Defense Date

2021

Document Type

Thesis

Degree Name

Master of Science

Department

Pharmacology & Toxicology

First Advisor

Keith Shelton

Abstract

While e-cigarette vaporizers are primarily used for the delivery of nicotine, they can also be used to administer a wide range of other substances of abuse including stimulants such as d-amphetamine and methamphetamine. Methamphetamine and prescription amphetamines are widely abused throughout the United States and across the world leading us to believe there may be abuse potential with vaping methamphetamine as vaping becomes increasingly popular. In the present study, methamphetamine and amphetamine vapor were assessed using vapor capture methods. The vapor samples were then analyzed using liquid chromatography mass spectroscopy (LC-MS). Three experiments were carried out to examine the abuse potential of vaping methamphetamine. The first experiment was a locomotor assay, to determine if behaviorally relevant doses of methamphetamine were achieved under the chosen test conditions. The other two experiments were intracranial self-stimulation and a self-administration assay. Vapor analysis using LC-MS showed that the altered variables including voltage, flow rate, and puff time influenced the amount of drug vaporized and, in turn, would be likely to impact drug exposure. The locomotor assay revealed dose-dependent changes in total distance traveled with methamphetamine given subcutaneously (at doses of 0.3, 1, and 1.7 mg/kg) as well as concentration-dependent changes in locomotion after vaporized methamphetamine exposure (at e-liquid concentrations of 25, 50, 100, and 200 mg/ml). Time spent in the zones along the wall was also assessed as a model of anxiety-like effects. Vehicle vapor as well as vaporized methamphetamine at higher e-liquid concentrations (100 and 200 mg/ml) produced anxiogenic-like effects based on time spent in the zones along the walls of the locomotor chamber. Methamphetamine vapor puffs did not serve as reinforcers in the self-administration assay. ICSS data indicated that d-amphetamine vapor did not facilitate performance but further experimentation should be done due to the small sample size and a number of other challenges encountered.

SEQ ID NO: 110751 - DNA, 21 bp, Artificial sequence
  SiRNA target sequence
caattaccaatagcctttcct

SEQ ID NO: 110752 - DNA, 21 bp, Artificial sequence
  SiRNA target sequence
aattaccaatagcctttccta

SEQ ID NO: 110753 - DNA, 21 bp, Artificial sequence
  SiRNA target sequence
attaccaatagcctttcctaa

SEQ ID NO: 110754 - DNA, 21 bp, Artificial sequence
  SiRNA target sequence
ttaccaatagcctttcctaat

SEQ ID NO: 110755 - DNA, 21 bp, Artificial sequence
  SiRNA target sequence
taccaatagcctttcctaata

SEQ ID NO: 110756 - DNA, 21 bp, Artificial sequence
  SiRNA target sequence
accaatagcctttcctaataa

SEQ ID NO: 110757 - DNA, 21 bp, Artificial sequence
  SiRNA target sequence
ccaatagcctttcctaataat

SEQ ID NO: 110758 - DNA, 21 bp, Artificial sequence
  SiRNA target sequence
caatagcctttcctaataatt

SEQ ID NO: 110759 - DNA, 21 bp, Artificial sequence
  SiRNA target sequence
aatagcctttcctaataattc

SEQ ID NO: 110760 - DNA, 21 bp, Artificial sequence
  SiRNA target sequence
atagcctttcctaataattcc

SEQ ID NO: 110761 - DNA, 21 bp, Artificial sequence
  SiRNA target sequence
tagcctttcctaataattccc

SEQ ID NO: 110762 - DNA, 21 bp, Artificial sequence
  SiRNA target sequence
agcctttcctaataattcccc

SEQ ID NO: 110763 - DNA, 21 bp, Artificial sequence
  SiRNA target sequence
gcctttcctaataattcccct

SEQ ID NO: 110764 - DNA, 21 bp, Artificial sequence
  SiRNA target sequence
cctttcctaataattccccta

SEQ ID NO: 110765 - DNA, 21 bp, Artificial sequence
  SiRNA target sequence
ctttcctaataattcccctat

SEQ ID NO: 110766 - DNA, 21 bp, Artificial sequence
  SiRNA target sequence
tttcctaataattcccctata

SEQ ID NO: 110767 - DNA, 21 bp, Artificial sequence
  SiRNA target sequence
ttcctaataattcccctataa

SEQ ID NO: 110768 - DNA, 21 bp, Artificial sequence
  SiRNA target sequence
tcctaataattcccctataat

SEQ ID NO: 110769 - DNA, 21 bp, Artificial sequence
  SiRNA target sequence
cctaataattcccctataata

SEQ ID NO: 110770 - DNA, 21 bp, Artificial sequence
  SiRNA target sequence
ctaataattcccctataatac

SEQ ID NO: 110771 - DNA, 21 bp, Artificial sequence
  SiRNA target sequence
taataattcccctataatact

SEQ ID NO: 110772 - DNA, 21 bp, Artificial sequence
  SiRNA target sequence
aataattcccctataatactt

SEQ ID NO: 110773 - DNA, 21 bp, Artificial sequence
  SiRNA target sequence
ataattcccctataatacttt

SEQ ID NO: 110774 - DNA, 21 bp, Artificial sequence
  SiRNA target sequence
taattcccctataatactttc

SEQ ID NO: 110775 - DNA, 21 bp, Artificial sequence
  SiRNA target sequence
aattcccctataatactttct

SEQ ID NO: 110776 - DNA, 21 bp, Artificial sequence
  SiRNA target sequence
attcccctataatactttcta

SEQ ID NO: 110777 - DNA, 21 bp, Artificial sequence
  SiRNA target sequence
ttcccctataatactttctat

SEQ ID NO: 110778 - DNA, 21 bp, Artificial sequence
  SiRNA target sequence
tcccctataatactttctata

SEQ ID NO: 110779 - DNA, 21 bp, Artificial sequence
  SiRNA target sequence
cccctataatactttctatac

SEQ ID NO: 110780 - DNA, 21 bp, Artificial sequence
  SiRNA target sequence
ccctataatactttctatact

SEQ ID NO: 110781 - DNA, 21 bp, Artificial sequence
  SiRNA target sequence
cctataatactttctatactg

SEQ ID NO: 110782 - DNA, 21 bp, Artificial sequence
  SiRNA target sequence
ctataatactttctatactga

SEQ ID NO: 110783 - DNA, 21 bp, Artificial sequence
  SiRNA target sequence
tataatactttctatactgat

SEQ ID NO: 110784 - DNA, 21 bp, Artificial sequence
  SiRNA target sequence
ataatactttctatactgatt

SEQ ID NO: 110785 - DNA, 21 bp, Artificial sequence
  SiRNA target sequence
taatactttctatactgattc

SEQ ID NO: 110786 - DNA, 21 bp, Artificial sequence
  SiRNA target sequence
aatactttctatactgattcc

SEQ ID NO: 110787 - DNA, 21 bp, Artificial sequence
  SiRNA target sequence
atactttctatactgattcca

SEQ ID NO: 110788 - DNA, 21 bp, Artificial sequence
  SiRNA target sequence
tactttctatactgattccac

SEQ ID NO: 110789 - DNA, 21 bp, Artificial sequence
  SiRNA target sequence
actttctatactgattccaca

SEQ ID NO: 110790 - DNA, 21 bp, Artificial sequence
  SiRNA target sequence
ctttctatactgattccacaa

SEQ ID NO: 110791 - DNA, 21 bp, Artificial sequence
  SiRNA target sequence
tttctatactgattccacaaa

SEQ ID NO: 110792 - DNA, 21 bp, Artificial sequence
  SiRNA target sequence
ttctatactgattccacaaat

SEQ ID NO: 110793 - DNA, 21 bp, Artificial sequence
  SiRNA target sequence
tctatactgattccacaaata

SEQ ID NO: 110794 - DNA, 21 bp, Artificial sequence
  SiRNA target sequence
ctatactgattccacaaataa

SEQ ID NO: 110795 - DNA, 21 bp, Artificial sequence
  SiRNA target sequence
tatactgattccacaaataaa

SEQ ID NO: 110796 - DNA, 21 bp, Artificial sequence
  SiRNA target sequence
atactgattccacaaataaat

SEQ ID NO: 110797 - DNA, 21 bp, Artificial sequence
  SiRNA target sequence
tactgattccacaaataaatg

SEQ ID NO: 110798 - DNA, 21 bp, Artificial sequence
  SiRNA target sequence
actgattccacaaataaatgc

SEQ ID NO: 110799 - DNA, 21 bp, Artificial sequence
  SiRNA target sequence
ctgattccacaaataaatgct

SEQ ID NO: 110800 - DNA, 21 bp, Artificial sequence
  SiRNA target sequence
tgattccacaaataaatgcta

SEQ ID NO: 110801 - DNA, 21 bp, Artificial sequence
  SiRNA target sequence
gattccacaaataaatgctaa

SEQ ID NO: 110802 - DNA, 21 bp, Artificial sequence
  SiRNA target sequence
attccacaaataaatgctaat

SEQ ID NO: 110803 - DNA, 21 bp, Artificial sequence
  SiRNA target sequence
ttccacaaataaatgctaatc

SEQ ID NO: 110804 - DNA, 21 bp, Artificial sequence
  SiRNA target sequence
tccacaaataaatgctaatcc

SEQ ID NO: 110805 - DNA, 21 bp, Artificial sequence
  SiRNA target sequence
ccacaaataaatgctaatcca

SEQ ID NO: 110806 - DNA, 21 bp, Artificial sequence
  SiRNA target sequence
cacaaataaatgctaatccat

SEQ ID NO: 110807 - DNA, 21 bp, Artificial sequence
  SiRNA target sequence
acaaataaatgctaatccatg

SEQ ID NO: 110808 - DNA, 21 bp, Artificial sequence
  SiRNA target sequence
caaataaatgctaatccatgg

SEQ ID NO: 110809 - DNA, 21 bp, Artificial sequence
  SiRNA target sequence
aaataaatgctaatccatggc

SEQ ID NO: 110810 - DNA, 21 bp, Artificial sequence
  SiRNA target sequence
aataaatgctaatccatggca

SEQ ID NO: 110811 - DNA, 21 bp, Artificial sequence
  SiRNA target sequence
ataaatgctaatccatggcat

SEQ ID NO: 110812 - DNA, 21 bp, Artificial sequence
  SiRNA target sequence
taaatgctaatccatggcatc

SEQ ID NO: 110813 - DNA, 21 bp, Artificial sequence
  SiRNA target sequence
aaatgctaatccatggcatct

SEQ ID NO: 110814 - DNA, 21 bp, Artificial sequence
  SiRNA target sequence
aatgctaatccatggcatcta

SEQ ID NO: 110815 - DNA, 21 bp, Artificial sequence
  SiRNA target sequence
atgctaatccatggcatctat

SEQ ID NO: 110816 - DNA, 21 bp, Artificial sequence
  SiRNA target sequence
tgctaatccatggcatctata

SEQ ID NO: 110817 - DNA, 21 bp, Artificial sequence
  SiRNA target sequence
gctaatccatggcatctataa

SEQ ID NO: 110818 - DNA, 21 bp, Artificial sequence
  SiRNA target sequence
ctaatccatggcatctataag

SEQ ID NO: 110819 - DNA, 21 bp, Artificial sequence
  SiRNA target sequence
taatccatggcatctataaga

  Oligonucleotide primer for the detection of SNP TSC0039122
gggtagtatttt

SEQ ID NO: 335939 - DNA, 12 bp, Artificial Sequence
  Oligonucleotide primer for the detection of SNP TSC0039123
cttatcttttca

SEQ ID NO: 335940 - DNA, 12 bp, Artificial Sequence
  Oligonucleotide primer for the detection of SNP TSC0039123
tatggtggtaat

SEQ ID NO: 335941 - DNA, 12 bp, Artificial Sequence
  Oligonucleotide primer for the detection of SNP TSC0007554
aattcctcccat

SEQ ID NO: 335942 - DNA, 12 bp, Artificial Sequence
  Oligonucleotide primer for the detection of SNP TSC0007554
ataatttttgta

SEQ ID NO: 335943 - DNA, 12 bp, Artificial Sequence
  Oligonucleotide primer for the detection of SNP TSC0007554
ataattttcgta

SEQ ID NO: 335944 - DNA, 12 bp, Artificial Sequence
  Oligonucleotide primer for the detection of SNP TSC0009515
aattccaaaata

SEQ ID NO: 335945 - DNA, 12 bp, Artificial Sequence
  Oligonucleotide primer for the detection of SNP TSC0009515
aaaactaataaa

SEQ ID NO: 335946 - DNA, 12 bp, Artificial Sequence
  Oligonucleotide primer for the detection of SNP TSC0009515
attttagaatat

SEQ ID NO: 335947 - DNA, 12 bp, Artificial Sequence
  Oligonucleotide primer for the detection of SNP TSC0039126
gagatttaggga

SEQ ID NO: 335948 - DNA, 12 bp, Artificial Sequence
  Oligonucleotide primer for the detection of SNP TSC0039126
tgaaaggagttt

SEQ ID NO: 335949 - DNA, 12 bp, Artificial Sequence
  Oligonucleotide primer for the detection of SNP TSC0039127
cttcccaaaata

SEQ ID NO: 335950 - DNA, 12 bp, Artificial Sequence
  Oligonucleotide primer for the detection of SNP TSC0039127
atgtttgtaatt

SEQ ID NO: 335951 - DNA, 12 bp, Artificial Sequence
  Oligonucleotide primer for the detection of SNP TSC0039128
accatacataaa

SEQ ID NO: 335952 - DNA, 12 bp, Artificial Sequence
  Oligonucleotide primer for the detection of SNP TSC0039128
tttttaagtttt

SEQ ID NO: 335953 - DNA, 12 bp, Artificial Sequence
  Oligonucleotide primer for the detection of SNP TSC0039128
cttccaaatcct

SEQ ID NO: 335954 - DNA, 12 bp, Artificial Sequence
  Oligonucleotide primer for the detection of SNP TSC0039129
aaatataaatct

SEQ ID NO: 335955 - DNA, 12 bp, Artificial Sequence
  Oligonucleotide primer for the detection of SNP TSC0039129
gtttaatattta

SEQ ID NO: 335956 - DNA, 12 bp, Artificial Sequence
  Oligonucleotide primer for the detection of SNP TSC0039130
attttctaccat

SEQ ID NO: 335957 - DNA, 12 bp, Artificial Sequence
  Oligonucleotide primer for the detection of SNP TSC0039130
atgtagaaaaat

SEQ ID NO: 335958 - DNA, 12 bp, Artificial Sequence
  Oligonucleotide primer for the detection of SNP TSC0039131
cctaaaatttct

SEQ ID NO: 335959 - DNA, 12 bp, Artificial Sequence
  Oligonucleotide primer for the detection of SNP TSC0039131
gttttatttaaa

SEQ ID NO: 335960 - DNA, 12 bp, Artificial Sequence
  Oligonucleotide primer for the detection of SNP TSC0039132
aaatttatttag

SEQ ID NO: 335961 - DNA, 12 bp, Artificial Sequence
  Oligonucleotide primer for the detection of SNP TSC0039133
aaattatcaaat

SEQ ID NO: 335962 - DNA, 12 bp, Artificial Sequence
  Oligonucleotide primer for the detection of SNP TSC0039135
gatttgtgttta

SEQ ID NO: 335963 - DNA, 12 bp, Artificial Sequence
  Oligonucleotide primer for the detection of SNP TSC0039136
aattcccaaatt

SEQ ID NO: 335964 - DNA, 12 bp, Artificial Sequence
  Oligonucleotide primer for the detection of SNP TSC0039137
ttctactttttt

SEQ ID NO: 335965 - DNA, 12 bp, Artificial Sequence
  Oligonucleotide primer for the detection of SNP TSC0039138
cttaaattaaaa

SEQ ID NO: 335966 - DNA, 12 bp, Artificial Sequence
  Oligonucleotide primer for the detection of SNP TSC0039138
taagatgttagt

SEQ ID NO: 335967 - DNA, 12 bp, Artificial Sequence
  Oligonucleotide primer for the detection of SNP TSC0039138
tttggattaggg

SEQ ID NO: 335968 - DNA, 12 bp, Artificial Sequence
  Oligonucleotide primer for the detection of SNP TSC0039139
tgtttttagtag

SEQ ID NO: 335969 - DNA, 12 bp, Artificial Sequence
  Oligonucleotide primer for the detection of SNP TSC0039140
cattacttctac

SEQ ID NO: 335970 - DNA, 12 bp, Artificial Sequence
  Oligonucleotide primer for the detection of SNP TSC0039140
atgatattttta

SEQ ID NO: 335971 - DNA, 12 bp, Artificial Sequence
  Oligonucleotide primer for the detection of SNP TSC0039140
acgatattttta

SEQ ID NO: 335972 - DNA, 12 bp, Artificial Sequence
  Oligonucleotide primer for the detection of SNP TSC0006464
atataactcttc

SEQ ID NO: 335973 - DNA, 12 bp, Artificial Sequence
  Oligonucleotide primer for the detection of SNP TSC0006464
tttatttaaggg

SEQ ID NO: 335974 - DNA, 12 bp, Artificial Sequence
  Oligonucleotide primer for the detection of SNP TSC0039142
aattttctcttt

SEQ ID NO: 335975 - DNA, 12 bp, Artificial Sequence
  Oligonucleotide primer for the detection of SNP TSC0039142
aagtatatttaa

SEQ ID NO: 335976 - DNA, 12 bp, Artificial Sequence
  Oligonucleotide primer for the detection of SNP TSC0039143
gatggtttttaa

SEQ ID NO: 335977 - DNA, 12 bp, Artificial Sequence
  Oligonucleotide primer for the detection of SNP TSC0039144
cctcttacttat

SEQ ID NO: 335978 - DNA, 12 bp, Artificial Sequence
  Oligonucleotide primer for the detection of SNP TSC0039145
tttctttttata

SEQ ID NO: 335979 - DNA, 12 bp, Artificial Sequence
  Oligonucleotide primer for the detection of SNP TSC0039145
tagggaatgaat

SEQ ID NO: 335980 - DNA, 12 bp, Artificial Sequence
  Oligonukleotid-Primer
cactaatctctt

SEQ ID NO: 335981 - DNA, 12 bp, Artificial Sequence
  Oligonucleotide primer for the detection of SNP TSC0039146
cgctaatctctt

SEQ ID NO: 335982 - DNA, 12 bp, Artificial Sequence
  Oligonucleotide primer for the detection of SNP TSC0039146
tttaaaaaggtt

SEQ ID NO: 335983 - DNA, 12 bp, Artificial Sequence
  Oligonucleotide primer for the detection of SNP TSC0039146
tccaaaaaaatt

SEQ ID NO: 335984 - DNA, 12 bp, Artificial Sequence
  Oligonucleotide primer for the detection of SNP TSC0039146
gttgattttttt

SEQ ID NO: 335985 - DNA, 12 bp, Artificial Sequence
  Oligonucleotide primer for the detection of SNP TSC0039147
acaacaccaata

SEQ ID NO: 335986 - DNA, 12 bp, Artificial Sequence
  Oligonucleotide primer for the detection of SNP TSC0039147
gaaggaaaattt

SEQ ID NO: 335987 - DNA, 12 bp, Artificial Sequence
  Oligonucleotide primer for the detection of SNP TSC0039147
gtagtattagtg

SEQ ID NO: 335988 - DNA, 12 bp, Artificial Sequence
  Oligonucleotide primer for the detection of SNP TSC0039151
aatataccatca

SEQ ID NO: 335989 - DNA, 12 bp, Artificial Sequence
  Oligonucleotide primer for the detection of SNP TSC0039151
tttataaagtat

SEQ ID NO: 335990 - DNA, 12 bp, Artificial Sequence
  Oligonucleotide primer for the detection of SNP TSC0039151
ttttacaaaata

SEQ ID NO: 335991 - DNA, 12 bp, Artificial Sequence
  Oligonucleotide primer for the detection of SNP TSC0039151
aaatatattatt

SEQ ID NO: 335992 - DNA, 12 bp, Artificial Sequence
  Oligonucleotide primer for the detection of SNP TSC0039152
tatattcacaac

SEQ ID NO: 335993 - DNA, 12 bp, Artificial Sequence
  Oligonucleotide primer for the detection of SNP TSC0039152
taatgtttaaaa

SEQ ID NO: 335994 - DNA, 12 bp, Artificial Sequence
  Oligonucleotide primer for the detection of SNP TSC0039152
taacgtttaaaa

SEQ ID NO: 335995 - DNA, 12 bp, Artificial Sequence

Rights

© The Author

Is Part Of

VCU University Archives

Is Part Of

VCU Theses and Dissertations

Date of Submission

7-27-2021

Share

COinS